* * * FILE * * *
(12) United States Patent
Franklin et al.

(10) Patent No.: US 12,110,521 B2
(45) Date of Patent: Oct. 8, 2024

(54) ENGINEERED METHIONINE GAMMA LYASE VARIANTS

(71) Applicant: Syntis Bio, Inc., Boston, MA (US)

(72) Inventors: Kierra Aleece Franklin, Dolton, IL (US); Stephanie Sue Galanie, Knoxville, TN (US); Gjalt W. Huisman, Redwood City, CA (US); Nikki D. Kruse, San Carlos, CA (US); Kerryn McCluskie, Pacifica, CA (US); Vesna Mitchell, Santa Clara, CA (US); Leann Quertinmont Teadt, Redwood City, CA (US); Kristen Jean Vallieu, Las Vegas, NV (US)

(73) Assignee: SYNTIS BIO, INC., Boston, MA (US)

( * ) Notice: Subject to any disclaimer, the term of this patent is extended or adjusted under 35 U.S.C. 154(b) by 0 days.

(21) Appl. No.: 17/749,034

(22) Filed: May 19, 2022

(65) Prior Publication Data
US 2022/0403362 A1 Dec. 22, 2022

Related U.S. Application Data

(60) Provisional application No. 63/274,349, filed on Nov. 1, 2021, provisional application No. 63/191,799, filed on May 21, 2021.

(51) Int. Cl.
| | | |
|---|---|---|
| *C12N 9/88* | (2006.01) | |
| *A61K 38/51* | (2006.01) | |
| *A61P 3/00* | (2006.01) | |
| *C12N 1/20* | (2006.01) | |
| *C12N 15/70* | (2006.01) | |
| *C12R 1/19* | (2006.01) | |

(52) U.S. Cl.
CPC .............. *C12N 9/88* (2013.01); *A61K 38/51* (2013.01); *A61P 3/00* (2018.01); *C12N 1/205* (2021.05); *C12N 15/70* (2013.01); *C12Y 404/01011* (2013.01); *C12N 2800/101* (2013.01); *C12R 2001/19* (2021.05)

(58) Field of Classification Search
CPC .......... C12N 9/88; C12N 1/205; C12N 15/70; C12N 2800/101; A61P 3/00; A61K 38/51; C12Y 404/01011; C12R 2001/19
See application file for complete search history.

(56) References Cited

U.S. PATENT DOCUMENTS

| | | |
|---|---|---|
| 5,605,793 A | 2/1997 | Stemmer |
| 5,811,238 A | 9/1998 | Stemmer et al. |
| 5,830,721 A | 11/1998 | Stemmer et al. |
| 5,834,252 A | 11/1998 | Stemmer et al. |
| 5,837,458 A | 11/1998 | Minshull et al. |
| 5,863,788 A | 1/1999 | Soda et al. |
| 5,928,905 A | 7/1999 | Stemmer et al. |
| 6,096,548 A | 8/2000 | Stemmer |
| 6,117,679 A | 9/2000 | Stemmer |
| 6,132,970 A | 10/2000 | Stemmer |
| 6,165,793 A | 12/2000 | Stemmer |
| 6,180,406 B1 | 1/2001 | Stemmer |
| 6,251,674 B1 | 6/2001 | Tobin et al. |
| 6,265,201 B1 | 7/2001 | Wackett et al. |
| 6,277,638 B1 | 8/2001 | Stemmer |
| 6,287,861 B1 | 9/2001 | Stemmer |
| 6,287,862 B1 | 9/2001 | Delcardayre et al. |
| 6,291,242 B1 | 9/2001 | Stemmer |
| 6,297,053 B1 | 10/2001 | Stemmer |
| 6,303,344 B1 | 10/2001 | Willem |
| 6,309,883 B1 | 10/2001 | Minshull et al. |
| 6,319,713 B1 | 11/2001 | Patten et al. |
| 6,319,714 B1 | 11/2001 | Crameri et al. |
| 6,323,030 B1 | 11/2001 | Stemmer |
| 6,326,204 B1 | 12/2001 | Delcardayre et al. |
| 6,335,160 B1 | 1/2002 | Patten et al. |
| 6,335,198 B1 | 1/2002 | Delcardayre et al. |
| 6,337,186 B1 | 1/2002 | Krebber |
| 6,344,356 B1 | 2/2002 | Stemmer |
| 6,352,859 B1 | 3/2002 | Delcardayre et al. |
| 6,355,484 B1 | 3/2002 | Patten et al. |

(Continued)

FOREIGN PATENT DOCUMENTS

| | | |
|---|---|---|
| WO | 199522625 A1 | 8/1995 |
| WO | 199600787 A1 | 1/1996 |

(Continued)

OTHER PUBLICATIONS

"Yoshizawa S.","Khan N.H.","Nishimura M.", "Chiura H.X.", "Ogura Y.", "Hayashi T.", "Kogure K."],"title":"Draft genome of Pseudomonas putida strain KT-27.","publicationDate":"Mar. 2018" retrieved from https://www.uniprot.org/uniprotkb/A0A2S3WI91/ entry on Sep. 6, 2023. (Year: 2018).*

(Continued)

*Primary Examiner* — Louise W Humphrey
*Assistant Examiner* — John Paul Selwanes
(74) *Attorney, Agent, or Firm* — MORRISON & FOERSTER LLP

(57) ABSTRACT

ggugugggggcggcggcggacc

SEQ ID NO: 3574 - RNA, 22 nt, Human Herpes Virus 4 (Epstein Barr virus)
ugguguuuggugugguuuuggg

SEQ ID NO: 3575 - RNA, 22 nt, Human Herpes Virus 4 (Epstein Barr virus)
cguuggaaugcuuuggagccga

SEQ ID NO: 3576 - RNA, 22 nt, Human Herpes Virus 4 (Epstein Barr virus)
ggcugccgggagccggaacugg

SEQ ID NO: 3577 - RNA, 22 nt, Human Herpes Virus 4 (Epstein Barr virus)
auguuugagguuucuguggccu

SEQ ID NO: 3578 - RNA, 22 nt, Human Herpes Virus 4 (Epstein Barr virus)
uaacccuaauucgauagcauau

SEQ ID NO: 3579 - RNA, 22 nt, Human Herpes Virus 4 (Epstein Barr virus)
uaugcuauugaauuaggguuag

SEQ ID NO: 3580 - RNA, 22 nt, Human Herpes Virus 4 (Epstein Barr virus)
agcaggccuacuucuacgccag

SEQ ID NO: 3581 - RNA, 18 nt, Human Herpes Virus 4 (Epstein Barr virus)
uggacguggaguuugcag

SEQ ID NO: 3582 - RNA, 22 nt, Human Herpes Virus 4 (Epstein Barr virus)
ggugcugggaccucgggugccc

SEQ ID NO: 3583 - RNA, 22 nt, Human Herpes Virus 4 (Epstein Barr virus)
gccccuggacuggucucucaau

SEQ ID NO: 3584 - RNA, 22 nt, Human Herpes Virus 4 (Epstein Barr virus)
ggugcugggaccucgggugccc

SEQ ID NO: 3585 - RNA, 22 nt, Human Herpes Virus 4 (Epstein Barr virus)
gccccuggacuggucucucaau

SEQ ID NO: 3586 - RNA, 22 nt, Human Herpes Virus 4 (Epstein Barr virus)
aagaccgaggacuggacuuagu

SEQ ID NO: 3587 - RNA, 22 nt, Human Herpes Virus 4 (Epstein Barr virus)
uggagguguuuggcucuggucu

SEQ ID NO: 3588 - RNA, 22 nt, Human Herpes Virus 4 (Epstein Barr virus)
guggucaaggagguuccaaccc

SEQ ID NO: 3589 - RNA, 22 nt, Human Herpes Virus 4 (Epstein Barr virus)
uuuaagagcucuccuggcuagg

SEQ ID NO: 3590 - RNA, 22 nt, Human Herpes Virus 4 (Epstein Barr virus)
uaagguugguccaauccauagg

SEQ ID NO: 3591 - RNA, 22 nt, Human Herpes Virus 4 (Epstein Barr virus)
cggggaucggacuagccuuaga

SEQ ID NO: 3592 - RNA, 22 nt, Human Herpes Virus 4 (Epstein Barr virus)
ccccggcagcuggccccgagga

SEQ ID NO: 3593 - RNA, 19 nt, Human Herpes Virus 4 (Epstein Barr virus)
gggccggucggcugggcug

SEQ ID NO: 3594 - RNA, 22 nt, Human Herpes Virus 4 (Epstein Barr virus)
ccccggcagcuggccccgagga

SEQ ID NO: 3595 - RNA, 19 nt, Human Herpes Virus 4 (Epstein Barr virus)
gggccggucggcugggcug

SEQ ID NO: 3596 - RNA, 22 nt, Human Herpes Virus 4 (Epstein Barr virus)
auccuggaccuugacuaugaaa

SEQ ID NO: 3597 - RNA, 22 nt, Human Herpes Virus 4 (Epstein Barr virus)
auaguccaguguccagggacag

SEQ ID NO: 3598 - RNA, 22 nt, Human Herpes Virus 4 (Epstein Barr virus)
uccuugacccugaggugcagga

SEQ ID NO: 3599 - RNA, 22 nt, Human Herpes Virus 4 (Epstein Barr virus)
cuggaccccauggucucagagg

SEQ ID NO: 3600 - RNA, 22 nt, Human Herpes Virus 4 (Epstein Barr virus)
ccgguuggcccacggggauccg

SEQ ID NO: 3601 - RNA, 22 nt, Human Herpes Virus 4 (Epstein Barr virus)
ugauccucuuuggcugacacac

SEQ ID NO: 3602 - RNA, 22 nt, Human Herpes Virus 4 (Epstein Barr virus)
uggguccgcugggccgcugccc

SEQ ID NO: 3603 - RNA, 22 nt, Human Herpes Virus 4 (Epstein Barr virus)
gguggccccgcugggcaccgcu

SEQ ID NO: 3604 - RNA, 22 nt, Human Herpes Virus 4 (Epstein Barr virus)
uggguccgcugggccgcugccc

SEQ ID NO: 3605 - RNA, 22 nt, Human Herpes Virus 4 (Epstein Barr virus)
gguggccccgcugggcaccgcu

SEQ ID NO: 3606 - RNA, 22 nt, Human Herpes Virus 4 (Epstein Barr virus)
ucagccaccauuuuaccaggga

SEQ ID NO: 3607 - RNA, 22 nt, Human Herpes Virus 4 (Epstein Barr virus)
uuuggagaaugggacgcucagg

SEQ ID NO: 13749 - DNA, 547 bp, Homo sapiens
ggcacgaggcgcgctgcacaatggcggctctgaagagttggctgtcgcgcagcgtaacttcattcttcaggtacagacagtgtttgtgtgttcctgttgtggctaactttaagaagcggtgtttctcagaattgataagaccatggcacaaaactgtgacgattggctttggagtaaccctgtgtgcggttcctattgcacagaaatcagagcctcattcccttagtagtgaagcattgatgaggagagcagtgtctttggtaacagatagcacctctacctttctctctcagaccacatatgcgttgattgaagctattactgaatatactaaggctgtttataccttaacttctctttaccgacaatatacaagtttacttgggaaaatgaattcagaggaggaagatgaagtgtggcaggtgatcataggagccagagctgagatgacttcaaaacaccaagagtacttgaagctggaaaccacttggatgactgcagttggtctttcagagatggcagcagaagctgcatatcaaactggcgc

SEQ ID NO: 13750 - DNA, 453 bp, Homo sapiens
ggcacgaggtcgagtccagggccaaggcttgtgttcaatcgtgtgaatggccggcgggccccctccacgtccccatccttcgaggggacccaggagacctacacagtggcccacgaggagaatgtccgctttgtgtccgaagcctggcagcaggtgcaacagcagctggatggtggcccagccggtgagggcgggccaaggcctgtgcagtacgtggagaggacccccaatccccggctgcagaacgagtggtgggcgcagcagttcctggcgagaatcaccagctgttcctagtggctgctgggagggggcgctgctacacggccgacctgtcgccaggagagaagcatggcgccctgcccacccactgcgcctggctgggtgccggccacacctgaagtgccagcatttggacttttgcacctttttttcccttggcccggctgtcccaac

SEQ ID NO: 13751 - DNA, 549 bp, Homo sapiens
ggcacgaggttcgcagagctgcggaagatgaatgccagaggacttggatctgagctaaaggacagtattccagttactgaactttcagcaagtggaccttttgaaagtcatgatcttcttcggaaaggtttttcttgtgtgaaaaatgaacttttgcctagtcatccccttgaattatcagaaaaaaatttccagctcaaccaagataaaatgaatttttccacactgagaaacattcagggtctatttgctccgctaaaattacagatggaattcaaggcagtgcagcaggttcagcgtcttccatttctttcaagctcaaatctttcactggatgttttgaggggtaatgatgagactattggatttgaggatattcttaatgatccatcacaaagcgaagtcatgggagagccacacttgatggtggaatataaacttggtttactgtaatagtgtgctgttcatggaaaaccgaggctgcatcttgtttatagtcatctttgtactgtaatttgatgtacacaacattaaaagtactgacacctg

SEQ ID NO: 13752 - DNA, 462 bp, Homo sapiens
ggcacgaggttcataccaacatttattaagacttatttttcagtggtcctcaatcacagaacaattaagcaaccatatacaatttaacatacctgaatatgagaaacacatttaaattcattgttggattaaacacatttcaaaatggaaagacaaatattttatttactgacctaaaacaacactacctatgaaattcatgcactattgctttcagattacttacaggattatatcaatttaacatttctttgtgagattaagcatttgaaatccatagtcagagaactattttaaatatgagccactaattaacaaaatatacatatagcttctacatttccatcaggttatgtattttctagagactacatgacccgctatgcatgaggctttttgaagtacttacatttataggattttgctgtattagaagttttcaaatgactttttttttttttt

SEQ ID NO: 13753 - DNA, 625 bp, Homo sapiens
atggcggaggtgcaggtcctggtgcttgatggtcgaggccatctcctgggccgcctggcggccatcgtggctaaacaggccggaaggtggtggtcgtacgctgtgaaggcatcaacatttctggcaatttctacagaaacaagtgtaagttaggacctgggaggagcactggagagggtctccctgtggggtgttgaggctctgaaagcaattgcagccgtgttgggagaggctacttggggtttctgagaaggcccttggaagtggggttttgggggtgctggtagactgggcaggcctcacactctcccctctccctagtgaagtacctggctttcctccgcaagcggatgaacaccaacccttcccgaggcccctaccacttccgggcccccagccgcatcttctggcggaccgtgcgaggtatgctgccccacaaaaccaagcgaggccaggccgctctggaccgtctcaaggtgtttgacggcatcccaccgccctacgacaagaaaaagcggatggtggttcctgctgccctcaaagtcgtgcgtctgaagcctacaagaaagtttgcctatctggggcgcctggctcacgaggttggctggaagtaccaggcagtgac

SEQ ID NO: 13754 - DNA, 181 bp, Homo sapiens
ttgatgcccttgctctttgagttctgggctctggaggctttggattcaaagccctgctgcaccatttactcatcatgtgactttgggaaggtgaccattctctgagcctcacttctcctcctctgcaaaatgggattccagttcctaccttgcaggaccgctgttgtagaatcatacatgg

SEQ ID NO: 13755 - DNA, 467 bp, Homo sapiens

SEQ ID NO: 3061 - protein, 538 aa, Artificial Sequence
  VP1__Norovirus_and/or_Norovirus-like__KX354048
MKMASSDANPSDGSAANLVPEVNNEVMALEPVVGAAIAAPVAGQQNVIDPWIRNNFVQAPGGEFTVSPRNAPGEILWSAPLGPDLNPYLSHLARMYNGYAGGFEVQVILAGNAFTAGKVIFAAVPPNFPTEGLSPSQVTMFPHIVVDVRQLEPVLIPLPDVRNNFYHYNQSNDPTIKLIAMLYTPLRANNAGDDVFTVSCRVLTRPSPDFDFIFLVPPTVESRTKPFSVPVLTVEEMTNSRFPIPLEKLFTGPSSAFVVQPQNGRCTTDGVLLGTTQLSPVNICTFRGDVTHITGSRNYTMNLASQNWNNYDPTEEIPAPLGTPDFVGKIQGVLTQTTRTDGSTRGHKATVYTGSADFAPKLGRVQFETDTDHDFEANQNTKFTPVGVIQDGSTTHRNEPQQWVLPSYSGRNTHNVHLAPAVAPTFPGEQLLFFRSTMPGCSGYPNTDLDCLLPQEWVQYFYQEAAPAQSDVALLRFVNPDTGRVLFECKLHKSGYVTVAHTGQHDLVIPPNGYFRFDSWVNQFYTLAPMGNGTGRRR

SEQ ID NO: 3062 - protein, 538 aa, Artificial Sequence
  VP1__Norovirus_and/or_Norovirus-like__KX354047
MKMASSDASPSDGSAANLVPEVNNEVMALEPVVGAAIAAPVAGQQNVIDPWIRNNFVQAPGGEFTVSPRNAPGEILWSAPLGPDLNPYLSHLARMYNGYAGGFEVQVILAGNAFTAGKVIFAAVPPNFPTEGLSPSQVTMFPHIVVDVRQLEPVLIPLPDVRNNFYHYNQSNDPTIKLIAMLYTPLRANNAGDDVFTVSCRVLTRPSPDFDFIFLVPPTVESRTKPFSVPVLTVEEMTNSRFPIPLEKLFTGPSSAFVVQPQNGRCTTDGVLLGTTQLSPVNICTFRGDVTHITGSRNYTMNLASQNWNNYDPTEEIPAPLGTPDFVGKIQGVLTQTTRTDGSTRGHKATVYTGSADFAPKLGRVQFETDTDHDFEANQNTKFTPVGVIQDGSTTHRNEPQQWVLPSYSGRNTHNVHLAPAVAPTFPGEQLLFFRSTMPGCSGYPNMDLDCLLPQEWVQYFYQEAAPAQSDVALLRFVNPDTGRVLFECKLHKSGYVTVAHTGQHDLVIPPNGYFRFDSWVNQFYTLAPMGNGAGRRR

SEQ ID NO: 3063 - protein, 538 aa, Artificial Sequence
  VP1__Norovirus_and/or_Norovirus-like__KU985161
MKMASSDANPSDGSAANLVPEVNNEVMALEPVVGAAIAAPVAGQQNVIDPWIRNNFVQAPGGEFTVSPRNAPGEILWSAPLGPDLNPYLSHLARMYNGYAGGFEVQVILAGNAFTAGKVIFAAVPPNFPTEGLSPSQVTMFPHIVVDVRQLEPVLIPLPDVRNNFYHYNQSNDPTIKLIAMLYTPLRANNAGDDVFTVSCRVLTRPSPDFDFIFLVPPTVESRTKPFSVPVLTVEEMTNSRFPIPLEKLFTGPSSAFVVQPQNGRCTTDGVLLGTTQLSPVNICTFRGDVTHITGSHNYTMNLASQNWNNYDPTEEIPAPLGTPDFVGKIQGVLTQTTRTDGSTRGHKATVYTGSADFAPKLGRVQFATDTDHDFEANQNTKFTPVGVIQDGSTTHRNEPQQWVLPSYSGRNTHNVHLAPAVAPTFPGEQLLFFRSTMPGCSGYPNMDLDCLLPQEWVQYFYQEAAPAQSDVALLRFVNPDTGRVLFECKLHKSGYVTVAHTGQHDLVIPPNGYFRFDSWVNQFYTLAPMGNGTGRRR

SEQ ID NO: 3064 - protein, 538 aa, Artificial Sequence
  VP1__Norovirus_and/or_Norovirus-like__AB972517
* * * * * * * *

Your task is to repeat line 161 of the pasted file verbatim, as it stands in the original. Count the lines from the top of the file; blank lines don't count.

SEQ ID NO: 3061 - protein, 538 aa, Artificial Sequence